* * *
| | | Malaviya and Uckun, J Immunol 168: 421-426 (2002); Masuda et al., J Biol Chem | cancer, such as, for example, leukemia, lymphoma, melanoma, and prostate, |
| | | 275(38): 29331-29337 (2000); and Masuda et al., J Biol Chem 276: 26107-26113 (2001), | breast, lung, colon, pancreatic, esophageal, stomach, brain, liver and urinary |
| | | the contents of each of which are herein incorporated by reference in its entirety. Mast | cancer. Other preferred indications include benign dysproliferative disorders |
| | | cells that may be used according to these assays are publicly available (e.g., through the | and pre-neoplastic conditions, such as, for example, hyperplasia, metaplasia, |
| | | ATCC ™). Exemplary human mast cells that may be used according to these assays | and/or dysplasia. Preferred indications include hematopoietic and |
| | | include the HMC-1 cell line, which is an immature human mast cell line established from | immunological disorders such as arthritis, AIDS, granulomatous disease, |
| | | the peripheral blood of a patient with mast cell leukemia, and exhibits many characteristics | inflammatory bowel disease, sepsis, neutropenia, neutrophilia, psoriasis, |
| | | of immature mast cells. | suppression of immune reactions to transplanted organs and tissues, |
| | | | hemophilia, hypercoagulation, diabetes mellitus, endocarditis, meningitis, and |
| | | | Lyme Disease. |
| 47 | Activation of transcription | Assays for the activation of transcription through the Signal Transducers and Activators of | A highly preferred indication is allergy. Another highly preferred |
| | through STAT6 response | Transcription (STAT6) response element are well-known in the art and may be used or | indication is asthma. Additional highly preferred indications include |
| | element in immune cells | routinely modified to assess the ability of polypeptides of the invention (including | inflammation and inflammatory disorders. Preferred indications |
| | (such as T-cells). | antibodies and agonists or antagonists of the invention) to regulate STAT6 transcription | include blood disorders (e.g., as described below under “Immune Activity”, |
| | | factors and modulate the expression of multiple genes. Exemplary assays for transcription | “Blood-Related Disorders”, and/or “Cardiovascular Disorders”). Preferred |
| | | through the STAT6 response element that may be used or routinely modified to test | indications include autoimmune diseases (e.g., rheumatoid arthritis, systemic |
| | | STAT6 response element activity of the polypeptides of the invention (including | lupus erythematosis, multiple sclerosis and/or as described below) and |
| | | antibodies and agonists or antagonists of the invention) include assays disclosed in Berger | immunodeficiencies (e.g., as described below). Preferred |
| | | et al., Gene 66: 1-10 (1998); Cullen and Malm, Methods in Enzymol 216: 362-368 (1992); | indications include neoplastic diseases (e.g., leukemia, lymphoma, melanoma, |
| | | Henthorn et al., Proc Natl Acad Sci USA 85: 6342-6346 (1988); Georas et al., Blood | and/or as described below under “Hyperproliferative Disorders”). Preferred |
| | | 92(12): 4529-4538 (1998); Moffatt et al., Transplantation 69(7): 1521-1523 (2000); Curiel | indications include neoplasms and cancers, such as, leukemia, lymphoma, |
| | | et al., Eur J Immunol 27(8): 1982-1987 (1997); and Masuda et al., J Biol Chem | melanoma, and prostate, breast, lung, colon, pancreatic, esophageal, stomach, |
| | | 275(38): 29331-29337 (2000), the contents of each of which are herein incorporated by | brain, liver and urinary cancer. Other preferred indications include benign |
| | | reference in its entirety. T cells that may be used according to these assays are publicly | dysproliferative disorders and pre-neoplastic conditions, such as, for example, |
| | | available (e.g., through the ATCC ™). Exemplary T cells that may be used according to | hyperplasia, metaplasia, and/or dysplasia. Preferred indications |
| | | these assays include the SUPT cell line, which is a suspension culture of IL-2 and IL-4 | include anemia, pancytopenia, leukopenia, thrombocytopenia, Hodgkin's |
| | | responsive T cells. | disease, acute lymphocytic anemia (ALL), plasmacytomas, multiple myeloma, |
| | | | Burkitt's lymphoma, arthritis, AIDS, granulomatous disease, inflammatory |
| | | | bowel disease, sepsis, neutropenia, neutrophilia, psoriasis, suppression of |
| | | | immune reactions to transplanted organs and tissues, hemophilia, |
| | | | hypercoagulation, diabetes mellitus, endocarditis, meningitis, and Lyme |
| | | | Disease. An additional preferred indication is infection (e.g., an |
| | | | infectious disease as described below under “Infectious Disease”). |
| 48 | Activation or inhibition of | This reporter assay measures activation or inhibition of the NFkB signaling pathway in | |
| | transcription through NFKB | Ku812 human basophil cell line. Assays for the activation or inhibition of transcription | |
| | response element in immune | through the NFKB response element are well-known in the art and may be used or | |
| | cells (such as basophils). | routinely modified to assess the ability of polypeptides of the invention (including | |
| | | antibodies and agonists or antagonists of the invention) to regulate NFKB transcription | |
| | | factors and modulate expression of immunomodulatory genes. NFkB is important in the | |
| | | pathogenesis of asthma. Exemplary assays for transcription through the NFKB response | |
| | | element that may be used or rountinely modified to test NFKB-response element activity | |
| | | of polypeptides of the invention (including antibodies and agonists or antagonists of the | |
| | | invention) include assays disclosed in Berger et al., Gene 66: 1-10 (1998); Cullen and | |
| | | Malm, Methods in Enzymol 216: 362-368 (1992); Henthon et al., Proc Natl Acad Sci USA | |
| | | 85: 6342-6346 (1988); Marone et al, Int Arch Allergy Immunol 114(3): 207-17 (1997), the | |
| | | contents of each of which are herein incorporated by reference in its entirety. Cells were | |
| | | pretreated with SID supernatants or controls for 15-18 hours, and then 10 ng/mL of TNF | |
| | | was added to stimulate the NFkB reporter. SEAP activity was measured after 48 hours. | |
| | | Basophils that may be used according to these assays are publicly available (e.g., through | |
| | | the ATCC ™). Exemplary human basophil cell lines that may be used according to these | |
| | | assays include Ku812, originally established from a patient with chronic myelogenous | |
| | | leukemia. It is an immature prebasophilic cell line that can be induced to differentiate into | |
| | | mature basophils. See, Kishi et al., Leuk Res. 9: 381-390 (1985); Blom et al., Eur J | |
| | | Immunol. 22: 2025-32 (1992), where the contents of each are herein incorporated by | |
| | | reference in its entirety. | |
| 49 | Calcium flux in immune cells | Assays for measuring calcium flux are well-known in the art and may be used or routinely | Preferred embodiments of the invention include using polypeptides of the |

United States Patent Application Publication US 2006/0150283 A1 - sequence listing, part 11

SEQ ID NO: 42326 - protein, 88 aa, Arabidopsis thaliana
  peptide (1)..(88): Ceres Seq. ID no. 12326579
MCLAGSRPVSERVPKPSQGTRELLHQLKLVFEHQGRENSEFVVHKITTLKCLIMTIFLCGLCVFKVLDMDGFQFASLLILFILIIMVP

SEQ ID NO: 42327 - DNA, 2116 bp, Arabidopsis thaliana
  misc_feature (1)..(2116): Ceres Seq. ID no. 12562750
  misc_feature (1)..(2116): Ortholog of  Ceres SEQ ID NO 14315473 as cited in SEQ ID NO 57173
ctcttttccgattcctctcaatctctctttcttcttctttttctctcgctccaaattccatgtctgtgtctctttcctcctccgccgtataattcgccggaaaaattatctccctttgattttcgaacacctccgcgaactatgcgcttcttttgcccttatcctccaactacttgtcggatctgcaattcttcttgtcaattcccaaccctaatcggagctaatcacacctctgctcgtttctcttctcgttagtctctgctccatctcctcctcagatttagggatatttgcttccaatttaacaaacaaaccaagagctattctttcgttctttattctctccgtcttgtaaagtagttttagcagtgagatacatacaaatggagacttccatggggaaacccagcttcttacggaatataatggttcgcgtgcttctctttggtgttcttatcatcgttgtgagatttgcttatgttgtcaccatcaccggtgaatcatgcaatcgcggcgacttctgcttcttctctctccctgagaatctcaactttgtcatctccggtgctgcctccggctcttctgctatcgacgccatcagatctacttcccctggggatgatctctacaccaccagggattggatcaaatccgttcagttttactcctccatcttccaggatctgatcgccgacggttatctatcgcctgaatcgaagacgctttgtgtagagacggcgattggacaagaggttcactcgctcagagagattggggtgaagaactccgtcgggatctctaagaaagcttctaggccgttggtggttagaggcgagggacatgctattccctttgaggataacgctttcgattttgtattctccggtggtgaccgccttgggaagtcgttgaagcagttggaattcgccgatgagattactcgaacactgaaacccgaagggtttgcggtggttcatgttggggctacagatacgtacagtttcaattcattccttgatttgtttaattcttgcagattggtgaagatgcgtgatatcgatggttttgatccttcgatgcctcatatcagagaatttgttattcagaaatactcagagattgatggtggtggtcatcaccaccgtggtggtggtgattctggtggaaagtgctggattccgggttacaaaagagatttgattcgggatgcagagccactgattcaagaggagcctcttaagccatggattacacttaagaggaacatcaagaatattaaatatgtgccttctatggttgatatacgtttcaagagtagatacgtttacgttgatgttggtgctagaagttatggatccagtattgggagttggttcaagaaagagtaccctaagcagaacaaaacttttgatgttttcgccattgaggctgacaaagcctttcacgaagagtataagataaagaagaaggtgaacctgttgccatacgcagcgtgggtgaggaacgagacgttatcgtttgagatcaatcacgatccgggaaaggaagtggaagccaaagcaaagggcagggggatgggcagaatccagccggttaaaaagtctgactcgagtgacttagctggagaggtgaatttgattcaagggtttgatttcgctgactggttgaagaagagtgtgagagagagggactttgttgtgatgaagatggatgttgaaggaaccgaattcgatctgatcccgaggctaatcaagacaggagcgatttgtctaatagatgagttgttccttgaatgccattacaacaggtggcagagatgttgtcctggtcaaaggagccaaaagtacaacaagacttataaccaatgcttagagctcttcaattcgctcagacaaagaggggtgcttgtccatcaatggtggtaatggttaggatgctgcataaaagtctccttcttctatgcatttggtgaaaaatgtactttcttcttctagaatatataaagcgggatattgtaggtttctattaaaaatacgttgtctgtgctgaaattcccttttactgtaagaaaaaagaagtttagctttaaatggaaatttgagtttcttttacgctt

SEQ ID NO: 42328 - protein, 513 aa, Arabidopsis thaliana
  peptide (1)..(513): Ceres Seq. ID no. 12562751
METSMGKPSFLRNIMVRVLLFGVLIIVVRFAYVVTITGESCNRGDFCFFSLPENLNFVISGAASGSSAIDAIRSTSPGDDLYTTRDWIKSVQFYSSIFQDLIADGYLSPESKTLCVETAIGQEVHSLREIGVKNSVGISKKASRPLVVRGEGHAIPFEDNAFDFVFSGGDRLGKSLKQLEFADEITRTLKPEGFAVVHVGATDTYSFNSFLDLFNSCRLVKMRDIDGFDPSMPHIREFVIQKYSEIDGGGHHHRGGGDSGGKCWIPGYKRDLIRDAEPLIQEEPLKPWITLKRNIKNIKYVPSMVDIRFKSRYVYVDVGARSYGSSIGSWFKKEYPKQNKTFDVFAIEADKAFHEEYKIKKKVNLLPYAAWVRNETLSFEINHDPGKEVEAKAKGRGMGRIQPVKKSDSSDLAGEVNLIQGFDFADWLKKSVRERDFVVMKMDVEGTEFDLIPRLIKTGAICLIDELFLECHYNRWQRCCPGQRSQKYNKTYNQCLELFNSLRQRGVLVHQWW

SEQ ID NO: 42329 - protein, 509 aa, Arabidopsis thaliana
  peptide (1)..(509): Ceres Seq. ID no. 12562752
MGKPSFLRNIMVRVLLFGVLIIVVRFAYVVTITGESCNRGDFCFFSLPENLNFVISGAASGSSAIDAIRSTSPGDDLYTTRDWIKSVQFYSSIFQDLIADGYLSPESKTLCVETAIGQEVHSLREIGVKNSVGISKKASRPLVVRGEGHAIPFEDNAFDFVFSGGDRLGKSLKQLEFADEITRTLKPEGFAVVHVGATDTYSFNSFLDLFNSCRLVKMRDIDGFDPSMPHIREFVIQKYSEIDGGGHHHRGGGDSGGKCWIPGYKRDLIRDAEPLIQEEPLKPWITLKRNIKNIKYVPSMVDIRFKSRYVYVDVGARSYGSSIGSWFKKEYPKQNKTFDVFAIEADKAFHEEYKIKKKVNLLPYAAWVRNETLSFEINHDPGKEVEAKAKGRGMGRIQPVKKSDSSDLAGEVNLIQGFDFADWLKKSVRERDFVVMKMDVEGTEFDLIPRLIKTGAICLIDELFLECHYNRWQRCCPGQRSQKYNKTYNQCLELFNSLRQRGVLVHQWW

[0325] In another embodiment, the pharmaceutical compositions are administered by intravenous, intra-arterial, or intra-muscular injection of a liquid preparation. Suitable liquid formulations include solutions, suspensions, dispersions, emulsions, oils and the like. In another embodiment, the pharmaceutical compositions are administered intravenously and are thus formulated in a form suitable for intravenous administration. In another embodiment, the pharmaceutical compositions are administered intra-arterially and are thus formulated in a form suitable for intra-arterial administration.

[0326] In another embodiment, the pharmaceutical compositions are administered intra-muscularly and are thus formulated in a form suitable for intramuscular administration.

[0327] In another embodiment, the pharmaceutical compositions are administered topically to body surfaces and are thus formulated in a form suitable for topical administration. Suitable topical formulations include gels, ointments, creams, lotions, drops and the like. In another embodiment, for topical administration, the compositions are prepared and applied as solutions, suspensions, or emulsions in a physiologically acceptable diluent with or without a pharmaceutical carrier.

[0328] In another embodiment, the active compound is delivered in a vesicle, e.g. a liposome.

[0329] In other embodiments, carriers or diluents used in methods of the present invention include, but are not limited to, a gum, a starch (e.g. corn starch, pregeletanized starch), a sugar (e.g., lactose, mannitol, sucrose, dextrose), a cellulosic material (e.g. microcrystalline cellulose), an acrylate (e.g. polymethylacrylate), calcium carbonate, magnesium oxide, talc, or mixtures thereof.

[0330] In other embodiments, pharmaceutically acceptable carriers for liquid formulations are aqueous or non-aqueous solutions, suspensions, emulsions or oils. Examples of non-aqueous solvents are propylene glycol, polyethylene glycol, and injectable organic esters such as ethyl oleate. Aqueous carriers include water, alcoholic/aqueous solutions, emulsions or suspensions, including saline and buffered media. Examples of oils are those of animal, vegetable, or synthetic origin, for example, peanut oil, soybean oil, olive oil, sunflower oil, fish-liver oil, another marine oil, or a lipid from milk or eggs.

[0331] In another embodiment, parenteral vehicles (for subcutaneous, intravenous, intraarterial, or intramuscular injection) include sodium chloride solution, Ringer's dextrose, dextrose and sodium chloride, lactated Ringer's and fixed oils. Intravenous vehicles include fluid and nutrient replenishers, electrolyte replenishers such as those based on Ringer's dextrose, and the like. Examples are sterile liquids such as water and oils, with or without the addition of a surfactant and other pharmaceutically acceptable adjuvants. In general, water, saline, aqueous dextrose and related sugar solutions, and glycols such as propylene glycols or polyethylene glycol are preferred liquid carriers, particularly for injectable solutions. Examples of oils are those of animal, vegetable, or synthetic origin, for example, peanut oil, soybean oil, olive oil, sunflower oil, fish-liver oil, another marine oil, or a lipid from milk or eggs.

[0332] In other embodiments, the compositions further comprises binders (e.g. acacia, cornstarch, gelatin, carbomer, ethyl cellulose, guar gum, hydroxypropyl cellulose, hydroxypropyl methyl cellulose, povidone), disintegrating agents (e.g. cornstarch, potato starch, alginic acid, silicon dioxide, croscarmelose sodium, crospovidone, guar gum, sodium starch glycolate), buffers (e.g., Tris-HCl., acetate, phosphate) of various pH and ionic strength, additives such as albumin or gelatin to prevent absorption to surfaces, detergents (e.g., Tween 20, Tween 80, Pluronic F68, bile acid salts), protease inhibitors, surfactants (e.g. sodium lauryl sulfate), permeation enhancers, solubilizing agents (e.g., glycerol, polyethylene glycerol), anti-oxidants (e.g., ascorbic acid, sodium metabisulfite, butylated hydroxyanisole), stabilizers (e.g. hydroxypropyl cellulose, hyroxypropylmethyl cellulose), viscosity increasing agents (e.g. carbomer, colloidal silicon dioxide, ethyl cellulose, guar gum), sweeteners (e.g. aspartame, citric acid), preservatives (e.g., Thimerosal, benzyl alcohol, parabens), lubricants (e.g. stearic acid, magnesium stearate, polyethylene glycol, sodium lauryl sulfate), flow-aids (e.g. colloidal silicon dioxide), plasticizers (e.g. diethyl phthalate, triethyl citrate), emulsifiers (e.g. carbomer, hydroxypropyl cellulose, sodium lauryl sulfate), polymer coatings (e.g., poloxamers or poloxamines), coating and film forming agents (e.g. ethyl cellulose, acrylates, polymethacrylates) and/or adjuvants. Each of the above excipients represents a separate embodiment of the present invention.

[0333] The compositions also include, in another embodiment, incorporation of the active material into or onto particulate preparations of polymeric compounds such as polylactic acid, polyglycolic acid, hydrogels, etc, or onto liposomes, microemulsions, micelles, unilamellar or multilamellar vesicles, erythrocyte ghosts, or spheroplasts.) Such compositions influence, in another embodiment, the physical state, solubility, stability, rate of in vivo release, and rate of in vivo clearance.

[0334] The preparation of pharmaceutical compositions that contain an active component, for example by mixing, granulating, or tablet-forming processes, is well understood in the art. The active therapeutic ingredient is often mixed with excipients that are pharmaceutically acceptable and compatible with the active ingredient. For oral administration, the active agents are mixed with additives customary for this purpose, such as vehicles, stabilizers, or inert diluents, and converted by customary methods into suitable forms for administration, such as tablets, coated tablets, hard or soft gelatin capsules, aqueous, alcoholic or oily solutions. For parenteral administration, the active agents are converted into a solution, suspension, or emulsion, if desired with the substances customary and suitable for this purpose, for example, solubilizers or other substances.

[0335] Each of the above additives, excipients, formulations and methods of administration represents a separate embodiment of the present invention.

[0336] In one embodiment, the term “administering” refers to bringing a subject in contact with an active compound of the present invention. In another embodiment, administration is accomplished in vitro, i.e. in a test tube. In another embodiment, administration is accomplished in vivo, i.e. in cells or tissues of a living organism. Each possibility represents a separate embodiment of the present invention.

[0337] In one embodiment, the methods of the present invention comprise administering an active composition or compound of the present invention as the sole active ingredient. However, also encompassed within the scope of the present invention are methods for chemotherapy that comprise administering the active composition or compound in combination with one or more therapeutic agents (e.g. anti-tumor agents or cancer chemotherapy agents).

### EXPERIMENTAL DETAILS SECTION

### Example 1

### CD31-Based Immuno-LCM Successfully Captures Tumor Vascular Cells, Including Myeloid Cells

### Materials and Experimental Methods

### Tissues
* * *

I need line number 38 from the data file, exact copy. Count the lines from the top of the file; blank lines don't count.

| | | antibodies and agonists or antagonists of the invention) to regulate NFKB transcription | |